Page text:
OWCN in Bangladesh: Day 0

Hello all-

Been awhile since I have blogged. Not that I love the OWCN any less since the Macondo/Deepwater Horizon spill, but it seems as if things just keep getting busier and busier for us here in California.

Oil slick line the banks of the Shela River (AP Photo/ Khairul Alam)

Oil slick line the banks of the Shela River (AP Photo/ Khairul Alam)

Speaking of which, as a brief update, I was activated this past week with a colleague from NOAA Office of Response and Restoration and the US Coast Guard to assist in the UN-led effort to support the clean-up and assessment activities in Bangladesh after the oil spill that occurred there on December 9th.

If you have not read the latest, the Guardian recently wrote on the UN effort.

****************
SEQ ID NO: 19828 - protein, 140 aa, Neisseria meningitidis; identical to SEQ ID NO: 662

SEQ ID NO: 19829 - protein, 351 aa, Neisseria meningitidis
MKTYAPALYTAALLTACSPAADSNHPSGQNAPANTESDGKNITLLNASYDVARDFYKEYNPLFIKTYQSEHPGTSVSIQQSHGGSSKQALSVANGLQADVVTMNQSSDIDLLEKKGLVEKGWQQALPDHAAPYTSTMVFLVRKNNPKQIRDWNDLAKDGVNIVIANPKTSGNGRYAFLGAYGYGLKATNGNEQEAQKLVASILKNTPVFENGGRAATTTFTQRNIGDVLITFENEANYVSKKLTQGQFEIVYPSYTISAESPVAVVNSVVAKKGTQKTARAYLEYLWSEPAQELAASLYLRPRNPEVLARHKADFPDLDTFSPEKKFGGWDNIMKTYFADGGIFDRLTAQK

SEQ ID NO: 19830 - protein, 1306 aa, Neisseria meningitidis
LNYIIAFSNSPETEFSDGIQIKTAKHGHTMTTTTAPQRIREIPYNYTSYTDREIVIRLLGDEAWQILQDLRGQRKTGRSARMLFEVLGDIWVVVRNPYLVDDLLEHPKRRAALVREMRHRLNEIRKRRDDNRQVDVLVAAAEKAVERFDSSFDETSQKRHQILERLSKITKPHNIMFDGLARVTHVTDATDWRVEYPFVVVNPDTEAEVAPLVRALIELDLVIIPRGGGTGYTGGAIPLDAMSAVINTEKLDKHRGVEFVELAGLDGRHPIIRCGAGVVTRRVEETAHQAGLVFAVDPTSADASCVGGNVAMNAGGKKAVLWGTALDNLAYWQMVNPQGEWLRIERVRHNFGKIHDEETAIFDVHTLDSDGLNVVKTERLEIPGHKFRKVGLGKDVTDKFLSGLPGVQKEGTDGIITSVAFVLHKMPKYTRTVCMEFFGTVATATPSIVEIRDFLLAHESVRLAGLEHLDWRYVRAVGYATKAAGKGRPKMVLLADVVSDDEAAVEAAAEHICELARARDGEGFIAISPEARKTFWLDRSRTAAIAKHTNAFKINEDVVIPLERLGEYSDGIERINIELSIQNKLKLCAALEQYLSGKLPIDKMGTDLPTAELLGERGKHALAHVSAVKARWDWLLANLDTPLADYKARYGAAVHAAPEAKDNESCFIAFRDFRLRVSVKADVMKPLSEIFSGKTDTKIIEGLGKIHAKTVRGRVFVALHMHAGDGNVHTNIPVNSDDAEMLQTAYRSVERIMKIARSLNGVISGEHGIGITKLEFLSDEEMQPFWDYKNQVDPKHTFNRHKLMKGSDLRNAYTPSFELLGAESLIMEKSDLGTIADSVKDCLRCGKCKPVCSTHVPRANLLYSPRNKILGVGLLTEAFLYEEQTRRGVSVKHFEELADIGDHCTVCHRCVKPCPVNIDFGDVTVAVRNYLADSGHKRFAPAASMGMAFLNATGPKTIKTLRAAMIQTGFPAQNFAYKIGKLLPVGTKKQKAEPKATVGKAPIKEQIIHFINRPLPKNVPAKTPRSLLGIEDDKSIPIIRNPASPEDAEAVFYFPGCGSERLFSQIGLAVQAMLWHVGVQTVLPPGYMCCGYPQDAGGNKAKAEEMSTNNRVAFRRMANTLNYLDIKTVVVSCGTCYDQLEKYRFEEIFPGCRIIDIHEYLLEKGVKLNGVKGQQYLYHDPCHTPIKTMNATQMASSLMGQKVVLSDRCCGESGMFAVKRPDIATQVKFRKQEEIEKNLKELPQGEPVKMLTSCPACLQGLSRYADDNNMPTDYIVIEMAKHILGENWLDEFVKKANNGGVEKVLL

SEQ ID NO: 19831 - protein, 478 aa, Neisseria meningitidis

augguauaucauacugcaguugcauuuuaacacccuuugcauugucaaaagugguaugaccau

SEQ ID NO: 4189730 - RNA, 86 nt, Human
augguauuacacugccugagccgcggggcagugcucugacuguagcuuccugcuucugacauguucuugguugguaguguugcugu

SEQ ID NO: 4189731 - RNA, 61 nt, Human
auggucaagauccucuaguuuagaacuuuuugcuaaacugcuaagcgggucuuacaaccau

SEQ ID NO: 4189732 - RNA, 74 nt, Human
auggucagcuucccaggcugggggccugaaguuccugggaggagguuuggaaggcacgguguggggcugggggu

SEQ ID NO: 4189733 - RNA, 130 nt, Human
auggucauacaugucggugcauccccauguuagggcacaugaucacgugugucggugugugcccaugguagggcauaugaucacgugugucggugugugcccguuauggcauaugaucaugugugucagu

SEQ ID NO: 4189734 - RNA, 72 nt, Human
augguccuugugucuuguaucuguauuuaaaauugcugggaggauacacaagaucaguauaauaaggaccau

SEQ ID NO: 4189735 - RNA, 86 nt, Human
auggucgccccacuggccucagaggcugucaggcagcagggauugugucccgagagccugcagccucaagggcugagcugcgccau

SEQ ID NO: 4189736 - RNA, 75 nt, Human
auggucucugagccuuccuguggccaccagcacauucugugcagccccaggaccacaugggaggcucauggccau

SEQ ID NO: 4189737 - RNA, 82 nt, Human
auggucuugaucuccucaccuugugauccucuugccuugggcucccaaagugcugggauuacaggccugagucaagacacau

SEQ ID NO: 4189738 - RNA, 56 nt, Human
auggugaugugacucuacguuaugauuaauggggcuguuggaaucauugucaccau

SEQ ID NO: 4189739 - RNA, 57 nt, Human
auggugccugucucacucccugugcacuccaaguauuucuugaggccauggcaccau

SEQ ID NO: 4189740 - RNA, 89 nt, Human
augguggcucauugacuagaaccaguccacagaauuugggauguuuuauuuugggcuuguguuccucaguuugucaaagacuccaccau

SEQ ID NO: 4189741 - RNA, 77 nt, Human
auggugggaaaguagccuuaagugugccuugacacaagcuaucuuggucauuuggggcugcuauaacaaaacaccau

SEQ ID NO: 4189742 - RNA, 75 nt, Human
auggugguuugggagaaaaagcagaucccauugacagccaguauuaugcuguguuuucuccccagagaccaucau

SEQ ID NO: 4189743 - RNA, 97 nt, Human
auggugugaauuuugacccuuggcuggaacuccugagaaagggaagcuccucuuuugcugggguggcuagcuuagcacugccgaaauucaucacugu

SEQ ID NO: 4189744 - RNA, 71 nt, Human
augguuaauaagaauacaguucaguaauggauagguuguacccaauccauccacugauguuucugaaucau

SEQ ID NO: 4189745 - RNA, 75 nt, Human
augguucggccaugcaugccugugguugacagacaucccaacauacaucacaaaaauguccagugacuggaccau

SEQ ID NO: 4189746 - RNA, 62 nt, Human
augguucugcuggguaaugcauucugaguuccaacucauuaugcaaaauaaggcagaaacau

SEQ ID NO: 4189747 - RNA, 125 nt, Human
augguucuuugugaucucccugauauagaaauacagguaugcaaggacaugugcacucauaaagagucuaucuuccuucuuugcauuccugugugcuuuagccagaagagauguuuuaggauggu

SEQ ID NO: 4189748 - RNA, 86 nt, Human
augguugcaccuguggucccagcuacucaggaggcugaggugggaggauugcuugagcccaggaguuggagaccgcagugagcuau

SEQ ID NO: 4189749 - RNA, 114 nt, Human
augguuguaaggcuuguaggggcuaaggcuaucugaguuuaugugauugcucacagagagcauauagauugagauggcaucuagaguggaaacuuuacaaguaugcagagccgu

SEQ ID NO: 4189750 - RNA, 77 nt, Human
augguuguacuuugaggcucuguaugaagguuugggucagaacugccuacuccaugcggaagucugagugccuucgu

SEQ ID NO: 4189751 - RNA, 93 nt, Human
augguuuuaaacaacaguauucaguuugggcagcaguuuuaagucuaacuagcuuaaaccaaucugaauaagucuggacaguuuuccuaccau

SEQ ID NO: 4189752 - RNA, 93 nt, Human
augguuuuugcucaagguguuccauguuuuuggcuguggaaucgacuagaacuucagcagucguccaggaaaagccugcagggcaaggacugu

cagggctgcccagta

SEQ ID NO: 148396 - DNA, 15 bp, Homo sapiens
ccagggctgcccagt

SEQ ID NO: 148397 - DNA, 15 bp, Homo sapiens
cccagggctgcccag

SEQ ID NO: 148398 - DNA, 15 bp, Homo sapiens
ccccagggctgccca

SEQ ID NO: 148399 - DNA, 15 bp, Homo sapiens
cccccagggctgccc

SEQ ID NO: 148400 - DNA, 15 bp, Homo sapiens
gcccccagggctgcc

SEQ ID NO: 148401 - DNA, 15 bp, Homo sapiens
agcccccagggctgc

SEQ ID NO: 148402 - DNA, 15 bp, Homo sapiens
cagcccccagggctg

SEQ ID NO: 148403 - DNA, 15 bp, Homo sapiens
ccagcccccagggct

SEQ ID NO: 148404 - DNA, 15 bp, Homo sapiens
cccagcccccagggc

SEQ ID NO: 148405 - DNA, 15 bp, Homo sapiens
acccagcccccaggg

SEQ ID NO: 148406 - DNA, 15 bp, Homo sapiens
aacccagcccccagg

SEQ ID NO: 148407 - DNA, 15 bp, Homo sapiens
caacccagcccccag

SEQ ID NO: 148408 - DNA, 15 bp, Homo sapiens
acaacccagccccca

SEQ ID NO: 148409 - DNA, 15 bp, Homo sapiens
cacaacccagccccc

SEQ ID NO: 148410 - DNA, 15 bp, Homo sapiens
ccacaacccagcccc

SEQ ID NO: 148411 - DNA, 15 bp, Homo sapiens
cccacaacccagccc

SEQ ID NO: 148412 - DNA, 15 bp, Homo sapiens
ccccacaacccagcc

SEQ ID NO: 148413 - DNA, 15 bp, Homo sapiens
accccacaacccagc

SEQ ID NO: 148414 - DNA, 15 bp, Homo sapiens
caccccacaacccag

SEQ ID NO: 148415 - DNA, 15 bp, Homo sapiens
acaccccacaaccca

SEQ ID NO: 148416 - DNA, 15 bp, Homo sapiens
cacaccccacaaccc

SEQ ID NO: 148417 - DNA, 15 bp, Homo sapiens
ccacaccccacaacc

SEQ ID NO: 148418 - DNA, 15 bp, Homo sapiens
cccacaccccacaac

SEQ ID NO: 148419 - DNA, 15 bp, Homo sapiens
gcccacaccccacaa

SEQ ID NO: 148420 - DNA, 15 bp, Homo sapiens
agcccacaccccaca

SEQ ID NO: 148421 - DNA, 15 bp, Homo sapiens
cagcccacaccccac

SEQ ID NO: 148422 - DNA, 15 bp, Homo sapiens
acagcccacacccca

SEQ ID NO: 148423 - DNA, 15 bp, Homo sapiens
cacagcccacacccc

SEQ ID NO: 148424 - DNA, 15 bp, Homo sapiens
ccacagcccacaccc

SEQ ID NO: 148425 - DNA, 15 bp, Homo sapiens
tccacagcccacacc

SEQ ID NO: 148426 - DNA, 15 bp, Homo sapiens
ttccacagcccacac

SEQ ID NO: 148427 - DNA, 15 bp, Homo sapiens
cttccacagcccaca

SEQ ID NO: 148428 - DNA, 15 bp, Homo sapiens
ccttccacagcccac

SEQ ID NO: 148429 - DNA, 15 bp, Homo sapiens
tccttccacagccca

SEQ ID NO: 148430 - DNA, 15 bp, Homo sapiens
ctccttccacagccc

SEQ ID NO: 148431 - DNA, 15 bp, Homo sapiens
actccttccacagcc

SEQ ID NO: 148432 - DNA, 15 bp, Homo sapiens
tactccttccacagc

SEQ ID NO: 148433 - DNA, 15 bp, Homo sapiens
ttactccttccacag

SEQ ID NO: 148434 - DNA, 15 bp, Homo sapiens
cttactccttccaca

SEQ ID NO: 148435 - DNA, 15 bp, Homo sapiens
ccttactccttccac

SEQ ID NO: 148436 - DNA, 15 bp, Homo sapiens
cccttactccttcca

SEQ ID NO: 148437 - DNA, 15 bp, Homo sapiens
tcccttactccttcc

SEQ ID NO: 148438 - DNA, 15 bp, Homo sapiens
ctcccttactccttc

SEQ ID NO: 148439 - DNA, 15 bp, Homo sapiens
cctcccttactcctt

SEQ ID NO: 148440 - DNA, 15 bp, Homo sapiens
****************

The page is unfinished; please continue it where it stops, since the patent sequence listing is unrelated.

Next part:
As there may be little internet access where I will be, I am not sure I will be able to give updates as I go. However, I look forward to giving out information on what I see and the work that we are doing as soon as I am able.

These events in other regions of the world truly make me thankful for the systems, facilities, and people that we have in place to help wildlife in California. So, for now, I hope that everyone in the OWCN has a wonderful holiday season ( I plan on trying to put some tinsel on a mangrove…stay tuned).

Thanks again for all that you do!

- Mike

The Fantabulous New Database

 

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Excitement continues to run high here at OWCN headquarters as more and more of our affiliates create profiles in the new OWCN Responder Database.   Why so excited?  Well, here are just a few of our many reasons: